Wait up, summer's not over yet. You can tell because the streets are still lined with the ever-growing food truck culture in Milwaukee. It's Food Truck Week here at OnMilwaukee.com and all week long we're stopping at some of Brew City's best restaurants on wheels in search of the most interesting dishes on offer.
In 2010, The Fast Foodie introduced Milwaukee to the concept of the globaco. Pair "global" and "taco," and you get wonderful flavors inside a traditional taco. The Jamaican Me Crazy mixes curried beef and rice with hot sauce and broccoli slaw.
Since I haven't eaten at The Fast Foodie in a few months, I decided to reach out to owner Jackie Valent and ask her a few questions about her business, the state of the food truck business in Milwaukee and other things.
So, here you have it. A mini Milwaukee Talks with The Fast Foodie herself.
OnMilwaukee.com: How has the food truck scene changed since you started?
Jackie Valent: There are many more trucks on the scene since we started. We have also seen so many trucks come and go in a few short years. The city has realized that food trucks are here to stay and not just a passing fad and are more willing to sit down with us as business owners vs. simply viewing us as "street peddlers."
OMC: Biggest challenge, so far?
JV: The biggest challenge for us so far has been the disorganization of the licensing process and how much it costs to be a mobile restaurant. For example, we also run an employee cafeteria (brick and mortar) for a company downtown that we got based on our food truck's reputation. It costs us less than $800 a year to license that facility. Due to the fact that every municipality and event has its own requirements, I can pay triple that just to operate for the season. There is no reason we should pay triple of what a brick and mortar restaurant has to pay when we are only operating for six months out of the year. It is as if the municipalities are more interested in their fee revenue than building small businesses in the area and creating jobs.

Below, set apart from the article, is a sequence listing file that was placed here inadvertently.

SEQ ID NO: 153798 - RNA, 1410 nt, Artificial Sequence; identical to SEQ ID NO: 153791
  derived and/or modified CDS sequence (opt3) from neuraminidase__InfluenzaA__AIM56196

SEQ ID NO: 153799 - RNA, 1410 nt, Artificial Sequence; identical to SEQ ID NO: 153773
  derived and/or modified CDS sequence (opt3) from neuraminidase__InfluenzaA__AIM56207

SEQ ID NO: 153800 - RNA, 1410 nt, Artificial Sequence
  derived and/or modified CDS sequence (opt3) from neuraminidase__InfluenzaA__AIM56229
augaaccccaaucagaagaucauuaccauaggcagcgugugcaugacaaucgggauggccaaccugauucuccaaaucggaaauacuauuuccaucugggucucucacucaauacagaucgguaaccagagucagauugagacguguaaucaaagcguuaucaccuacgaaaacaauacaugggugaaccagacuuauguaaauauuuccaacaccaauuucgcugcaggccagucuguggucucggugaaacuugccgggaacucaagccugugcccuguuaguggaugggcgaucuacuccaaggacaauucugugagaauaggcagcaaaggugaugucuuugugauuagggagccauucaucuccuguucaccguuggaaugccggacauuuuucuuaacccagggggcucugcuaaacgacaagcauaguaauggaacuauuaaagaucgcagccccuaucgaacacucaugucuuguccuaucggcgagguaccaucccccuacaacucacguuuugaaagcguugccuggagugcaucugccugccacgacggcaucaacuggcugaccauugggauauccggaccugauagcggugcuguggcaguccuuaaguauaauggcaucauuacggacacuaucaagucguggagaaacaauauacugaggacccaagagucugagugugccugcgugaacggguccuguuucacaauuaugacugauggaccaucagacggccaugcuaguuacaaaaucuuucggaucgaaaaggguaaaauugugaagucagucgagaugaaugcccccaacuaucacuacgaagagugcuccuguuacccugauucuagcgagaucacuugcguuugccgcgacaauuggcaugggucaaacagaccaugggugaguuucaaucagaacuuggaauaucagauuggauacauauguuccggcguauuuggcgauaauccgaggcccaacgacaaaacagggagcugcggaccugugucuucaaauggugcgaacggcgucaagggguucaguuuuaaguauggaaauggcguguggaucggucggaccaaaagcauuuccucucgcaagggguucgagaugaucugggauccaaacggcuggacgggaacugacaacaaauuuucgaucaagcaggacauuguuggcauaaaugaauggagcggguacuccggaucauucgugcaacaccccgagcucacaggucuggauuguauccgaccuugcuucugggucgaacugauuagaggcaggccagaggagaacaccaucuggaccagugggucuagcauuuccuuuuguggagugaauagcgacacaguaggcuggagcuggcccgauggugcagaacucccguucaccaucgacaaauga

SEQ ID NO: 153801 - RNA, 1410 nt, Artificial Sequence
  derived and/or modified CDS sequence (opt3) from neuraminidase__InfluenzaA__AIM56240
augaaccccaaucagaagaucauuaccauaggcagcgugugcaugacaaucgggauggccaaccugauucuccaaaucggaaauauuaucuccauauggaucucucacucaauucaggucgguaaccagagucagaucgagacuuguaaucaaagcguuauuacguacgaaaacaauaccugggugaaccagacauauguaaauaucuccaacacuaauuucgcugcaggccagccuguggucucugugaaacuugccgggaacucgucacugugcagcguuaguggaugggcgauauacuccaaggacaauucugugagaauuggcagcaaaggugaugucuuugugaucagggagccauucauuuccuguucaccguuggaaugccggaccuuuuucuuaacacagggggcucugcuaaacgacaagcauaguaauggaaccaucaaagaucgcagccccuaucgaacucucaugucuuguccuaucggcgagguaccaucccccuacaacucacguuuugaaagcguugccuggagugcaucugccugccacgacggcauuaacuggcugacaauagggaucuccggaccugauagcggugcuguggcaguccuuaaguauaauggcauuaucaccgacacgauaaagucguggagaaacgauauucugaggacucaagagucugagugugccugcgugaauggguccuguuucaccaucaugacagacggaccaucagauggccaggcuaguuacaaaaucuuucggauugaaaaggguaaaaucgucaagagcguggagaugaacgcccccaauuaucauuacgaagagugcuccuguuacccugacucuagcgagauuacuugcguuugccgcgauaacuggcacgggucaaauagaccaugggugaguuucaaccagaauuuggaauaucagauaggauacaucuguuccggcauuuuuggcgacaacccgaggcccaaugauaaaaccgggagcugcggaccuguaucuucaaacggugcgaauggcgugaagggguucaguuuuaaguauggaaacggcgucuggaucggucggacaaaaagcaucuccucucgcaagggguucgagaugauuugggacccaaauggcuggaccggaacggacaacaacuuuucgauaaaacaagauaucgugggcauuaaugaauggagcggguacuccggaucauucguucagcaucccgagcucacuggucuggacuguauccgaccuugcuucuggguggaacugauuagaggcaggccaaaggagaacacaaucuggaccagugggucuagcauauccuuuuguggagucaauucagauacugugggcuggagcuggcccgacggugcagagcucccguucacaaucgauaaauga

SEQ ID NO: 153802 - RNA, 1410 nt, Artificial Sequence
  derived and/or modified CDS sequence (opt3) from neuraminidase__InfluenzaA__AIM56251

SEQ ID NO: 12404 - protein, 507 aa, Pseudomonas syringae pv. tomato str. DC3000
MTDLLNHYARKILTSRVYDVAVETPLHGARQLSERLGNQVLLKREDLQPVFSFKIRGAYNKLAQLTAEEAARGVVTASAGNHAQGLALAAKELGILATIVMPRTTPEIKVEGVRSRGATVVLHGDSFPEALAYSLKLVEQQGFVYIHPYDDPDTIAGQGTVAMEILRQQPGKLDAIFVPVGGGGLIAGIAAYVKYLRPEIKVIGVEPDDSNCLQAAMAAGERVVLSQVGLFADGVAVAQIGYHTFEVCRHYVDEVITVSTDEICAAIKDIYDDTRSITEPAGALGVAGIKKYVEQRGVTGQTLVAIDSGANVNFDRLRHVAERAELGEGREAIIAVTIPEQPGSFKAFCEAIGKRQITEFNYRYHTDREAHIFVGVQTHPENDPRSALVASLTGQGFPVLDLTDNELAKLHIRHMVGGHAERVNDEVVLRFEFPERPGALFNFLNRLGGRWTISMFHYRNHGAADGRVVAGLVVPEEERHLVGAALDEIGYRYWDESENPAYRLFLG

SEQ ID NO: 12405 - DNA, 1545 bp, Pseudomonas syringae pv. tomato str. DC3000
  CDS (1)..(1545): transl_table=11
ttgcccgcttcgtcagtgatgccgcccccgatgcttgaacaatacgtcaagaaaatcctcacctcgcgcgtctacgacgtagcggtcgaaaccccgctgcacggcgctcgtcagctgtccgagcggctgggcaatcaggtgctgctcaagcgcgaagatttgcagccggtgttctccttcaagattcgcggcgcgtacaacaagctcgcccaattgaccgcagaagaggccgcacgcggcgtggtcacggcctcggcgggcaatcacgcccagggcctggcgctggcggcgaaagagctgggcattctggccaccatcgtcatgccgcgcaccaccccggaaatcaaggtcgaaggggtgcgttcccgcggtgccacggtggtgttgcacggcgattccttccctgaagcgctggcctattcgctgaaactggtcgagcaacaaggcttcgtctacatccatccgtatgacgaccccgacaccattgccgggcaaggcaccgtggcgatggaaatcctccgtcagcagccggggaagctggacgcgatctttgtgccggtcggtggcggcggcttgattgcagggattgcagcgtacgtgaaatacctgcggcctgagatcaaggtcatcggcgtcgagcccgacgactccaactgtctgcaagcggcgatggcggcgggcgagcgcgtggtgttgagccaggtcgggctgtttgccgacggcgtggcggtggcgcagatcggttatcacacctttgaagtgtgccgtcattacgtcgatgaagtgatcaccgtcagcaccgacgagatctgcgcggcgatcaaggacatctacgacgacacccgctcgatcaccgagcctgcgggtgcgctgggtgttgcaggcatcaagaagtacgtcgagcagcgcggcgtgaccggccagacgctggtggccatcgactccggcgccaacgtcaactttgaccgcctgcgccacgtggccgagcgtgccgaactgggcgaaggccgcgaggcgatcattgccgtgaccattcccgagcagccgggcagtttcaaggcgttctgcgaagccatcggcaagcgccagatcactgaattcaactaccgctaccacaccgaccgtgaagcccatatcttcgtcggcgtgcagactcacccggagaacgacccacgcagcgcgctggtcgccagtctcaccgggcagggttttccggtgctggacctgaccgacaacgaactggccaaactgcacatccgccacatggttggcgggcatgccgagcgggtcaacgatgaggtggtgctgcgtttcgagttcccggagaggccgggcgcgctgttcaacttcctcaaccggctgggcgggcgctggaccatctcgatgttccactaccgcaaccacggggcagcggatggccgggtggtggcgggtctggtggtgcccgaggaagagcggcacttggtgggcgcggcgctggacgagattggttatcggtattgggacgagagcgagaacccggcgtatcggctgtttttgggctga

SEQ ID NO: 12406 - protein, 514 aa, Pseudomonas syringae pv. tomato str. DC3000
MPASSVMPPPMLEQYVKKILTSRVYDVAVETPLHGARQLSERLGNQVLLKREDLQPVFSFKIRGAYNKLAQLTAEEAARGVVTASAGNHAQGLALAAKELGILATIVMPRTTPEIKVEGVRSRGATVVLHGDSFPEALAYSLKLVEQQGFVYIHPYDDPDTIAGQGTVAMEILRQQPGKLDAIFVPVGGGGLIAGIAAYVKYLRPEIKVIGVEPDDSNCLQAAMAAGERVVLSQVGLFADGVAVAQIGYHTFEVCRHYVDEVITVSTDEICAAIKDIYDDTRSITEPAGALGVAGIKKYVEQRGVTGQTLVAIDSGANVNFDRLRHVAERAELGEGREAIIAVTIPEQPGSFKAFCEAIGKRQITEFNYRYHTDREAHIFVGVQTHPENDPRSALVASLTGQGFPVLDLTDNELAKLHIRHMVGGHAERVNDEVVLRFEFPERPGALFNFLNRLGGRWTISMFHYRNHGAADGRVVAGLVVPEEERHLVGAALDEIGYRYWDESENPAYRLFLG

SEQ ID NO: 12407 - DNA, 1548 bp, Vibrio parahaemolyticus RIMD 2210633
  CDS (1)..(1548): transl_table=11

OMC: Favorite food truck, other than your own?
OMC: What "foodie trends" do you like and dislike?
JV: I love the movement toward eating more natural foods and getting away from chemical additives. It may cost a bit more, but you know you are getting more wholesome food that way. I also love the pop up restaurant concept that allows great chefs to test out their menus on the public without the huge investment in a location. I'm also a huge fan of the craft beer movement as well. My husband and I are huge beer snobs and love the fact that Milwaukee is reclaiming its title as Beertown USA with such awesome new breweries as Brenner Brewing and Biloba Brewing in Brookfield.
As far as dislikes, I'm not a huge fan of molecular gastronomy. There's a lot of great science behind that and all, but I'd rather see folks cook out of love and passion.
OMC: What do you do in the winters?
JV: We do not operate the food truck in the winter, but with the employee cafeteria we run, that is a year-round gig. I have also just launched a line of all natural international spice blends called Love Dust that allow both the seasoned foodie and novice cook to create dishes from every corner of the globe with no effort. We just finished our first offering to the public at the Wisconsin State Fair and it went over so well! We are now looking to get the blends into stores within the next few months.